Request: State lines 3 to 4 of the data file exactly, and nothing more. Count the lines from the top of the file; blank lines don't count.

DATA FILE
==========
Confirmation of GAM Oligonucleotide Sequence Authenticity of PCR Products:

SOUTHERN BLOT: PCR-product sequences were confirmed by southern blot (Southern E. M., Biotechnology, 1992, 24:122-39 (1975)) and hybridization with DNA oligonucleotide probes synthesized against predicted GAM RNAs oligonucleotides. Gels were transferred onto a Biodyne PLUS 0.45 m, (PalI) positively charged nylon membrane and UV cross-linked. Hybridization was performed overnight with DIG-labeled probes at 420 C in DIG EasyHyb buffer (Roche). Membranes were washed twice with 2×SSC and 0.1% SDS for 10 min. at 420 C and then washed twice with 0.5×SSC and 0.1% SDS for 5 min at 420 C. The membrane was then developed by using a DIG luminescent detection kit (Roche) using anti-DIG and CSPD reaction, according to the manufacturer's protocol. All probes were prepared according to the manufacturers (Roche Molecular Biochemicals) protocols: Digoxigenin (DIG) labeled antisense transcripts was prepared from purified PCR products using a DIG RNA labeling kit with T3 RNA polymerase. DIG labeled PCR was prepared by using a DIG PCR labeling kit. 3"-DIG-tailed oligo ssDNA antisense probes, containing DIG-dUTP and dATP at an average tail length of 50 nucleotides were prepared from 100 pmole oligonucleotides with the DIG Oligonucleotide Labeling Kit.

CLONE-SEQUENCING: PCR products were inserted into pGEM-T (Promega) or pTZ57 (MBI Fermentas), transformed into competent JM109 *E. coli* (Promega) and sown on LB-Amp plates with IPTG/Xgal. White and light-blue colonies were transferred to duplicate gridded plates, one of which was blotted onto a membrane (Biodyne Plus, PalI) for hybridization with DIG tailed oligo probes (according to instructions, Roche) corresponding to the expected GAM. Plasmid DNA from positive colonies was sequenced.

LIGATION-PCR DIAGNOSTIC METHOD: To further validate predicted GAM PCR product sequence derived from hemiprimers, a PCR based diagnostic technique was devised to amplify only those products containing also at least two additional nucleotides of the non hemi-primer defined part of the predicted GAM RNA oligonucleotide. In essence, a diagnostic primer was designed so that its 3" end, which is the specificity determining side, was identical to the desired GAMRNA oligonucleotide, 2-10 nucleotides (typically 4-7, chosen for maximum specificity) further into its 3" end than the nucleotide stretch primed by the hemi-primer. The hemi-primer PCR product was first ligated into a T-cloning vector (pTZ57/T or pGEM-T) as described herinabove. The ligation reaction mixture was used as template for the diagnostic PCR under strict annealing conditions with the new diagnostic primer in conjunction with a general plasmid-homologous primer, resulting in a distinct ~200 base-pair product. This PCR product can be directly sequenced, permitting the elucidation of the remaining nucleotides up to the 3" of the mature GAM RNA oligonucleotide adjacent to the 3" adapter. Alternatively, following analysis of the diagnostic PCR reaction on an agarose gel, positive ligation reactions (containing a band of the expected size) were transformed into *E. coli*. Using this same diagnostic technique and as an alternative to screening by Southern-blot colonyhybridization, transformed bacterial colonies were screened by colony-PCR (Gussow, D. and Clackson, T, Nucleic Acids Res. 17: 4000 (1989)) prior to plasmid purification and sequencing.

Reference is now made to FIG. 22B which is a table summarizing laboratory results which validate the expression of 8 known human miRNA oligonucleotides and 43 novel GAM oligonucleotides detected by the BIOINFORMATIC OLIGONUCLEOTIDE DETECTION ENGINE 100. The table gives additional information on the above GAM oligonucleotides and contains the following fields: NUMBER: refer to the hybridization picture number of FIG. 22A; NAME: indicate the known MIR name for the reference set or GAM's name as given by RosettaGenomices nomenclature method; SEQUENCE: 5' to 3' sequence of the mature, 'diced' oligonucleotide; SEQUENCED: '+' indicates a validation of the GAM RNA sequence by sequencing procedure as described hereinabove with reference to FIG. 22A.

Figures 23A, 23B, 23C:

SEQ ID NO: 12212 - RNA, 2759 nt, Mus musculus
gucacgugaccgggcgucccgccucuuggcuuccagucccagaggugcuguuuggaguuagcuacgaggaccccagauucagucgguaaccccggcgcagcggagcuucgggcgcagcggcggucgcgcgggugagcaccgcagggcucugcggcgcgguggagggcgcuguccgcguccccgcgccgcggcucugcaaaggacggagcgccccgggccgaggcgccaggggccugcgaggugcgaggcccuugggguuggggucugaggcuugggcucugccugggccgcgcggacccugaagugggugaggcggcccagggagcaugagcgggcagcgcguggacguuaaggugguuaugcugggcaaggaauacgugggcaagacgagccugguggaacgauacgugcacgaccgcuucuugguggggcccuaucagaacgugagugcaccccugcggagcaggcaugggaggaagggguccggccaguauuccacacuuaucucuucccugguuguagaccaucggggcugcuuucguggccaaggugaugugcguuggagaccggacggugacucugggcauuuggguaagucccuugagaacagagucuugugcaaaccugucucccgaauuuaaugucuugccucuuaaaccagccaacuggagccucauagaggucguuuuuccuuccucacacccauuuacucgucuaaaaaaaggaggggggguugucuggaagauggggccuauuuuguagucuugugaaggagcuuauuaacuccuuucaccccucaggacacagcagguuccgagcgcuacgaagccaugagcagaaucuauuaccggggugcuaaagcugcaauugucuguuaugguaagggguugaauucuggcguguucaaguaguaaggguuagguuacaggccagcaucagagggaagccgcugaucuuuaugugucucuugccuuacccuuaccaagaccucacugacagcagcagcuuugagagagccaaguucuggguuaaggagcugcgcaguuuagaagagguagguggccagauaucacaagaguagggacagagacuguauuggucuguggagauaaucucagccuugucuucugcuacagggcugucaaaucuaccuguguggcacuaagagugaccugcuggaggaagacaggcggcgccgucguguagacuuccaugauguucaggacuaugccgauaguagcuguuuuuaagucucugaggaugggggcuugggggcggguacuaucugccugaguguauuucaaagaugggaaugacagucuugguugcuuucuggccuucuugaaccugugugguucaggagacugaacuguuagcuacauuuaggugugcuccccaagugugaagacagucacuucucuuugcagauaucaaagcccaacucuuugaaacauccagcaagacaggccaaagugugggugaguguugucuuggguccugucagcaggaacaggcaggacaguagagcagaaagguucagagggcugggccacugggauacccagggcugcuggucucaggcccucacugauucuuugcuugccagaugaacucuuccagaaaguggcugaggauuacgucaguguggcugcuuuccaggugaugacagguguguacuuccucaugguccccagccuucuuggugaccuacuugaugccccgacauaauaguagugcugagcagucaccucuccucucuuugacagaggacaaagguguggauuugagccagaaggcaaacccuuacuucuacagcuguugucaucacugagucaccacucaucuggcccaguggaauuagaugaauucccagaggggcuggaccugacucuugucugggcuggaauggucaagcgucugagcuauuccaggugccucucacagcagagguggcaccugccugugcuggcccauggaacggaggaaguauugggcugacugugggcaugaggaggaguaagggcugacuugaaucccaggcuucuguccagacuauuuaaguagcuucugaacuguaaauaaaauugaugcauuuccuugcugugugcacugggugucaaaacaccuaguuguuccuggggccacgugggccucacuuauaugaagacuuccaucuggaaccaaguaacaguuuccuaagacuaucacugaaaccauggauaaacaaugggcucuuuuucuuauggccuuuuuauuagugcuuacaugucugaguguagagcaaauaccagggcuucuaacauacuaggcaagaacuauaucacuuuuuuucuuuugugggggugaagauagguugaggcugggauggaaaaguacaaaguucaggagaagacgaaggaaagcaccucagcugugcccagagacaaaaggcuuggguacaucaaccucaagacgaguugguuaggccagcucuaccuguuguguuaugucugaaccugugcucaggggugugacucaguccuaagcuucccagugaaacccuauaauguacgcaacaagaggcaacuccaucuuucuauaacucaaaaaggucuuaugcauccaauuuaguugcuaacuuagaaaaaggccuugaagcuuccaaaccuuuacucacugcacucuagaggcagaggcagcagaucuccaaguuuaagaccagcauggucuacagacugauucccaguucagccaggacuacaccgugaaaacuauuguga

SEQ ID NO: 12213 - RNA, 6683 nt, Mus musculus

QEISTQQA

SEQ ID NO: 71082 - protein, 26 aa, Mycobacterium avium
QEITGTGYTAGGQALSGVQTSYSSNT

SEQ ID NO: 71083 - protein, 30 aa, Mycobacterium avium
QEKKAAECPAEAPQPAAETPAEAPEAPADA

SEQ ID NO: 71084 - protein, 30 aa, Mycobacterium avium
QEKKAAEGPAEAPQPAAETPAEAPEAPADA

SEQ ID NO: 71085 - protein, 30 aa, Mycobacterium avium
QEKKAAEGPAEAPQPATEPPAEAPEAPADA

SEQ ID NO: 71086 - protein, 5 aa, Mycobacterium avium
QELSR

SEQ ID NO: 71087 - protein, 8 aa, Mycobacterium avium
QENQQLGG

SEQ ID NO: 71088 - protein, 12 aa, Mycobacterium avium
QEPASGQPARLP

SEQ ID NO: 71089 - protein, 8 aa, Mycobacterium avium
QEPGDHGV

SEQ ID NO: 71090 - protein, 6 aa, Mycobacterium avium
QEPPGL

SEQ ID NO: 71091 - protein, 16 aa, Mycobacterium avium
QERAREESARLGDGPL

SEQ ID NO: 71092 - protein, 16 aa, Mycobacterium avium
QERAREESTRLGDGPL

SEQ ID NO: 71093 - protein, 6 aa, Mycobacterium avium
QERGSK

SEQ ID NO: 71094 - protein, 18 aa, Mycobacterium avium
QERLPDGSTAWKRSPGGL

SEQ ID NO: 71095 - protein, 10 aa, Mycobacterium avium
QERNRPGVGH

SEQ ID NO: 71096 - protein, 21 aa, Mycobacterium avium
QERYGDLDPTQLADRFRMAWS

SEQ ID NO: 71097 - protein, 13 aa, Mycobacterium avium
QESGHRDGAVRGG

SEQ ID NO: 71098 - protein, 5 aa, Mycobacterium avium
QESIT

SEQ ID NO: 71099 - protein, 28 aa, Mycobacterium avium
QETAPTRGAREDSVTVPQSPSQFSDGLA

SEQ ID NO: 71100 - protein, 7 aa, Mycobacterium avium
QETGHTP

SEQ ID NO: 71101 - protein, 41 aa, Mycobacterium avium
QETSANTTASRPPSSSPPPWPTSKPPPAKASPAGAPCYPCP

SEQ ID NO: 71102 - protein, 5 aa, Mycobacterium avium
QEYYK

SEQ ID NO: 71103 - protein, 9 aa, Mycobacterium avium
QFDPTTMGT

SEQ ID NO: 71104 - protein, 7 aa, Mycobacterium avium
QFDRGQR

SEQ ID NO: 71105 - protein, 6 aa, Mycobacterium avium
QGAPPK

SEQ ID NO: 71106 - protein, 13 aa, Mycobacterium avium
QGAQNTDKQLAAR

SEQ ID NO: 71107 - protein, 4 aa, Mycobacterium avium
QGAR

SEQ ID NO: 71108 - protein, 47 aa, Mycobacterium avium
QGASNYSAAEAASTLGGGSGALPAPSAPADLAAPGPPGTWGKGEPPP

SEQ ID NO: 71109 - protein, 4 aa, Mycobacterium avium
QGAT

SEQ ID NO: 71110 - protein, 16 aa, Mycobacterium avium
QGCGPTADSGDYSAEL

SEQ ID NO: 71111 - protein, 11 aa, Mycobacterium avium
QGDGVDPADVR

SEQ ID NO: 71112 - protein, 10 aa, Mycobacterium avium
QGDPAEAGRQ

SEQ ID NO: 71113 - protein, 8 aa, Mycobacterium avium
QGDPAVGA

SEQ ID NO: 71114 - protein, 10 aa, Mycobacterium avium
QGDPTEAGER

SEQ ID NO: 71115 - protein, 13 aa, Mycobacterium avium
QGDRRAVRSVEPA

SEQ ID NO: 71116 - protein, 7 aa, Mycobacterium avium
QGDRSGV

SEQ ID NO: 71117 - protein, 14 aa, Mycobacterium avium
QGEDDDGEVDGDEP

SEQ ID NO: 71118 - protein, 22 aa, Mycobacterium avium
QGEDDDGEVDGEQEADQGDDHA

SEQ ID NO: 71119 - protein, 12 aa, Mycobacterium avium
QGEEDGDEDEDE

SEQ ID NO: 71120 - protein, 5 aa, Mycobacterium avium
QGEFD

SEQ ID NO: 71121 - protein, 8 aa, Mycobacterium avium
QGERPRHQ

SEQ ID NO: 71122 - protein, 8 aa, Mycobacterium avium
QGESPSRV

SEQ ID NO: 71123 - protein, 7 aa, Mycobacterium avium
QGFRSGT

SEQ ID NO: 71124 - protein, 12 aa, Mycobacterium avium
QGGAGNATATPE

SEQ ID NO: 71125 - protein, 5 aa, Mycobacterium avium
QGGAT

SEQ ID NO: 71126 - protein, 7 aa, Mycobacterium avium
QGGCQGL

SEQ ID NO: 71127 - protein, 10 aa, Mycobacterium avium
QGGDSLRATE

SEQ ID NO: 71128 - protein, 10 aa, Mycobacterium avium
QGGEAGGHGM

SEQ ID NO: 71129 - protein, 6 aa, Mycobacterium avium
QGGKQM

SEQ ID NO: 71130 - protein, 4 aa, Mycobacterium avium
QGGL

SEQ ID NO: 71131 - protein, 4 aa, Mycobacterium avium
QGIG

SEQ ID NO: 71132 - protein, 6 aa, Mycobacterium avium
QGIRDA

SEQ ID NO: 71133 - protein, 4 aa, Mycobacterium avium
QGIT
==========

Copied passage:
CLONE-SEQUENCING: PCR products were inserted into pGEM-T (Promega) or pTZ57 (MBI Fermentas), transformed into competent JM109 *E. coli* (Promega) and sown on LB-Amp plates with IPTG/Xgal. White and light-blue colonies were transferred to duplicate gridded plates, one of which was blotted onto a membrane (Biodyne Plus, PalI) for hybridization with DIG tailed oligo probes (according to instructions, Roche) corresponding to the expected GAM. Plasmid DNA from positive colonies was sequenced.

LIGATION-PCR DIAGNOSTIC METHOD: To further validate predicted GAM PCR product sequence derived from hemiprimers, a PCR based diagnostic technique was devised to amplify only those products containing also at least two additional nucleotides of the non hemi-primer defined part of the predicted GAM RNA oligonucleotide. In essence, a diagnostic primer was designed so that its 3" end, which is the specificity determining side, was identical to the desired GAMRNA oligonucleotide, 2-10 nucleotides (typically 4-7, chosen for maximum specificity) further into its 3" end than the nucleotide stretch primed by the hemi-primer. The hemi-primer PCR product was first ligated into a T-cloning vector (pTZ57/T or pGEM-T) as described herinabove. The ligation reaction mixture was used as template for the diagnostic PCR under strict annealing conditions with the new diagnostic primer in conjunction with a general plasmid-homologous primer, resulting in a distinct ~200 base-pair product. This PCR product can be directly sequenced, permitting the elucidation of the remaining nucleotides up to the 3" of the mature GAM RNA oligonucleotide adjacent to the 3" adapter. Alternatively, following analysis of the diagnostic PCR reaction on an agarose gel, positive ligation reactions (containing a band of the expected size) were transformed into *E. coli*. Using this same diagnostic technique and as an alternative to screening by Southern-blot colonyhybridization, transformed bacterial colonies were screened by colony-PCR (Gussow, D. and Clackson, T, Nucleic Acids Res. 17: 4000 (1989)) prior to plasmid purification and sequencing.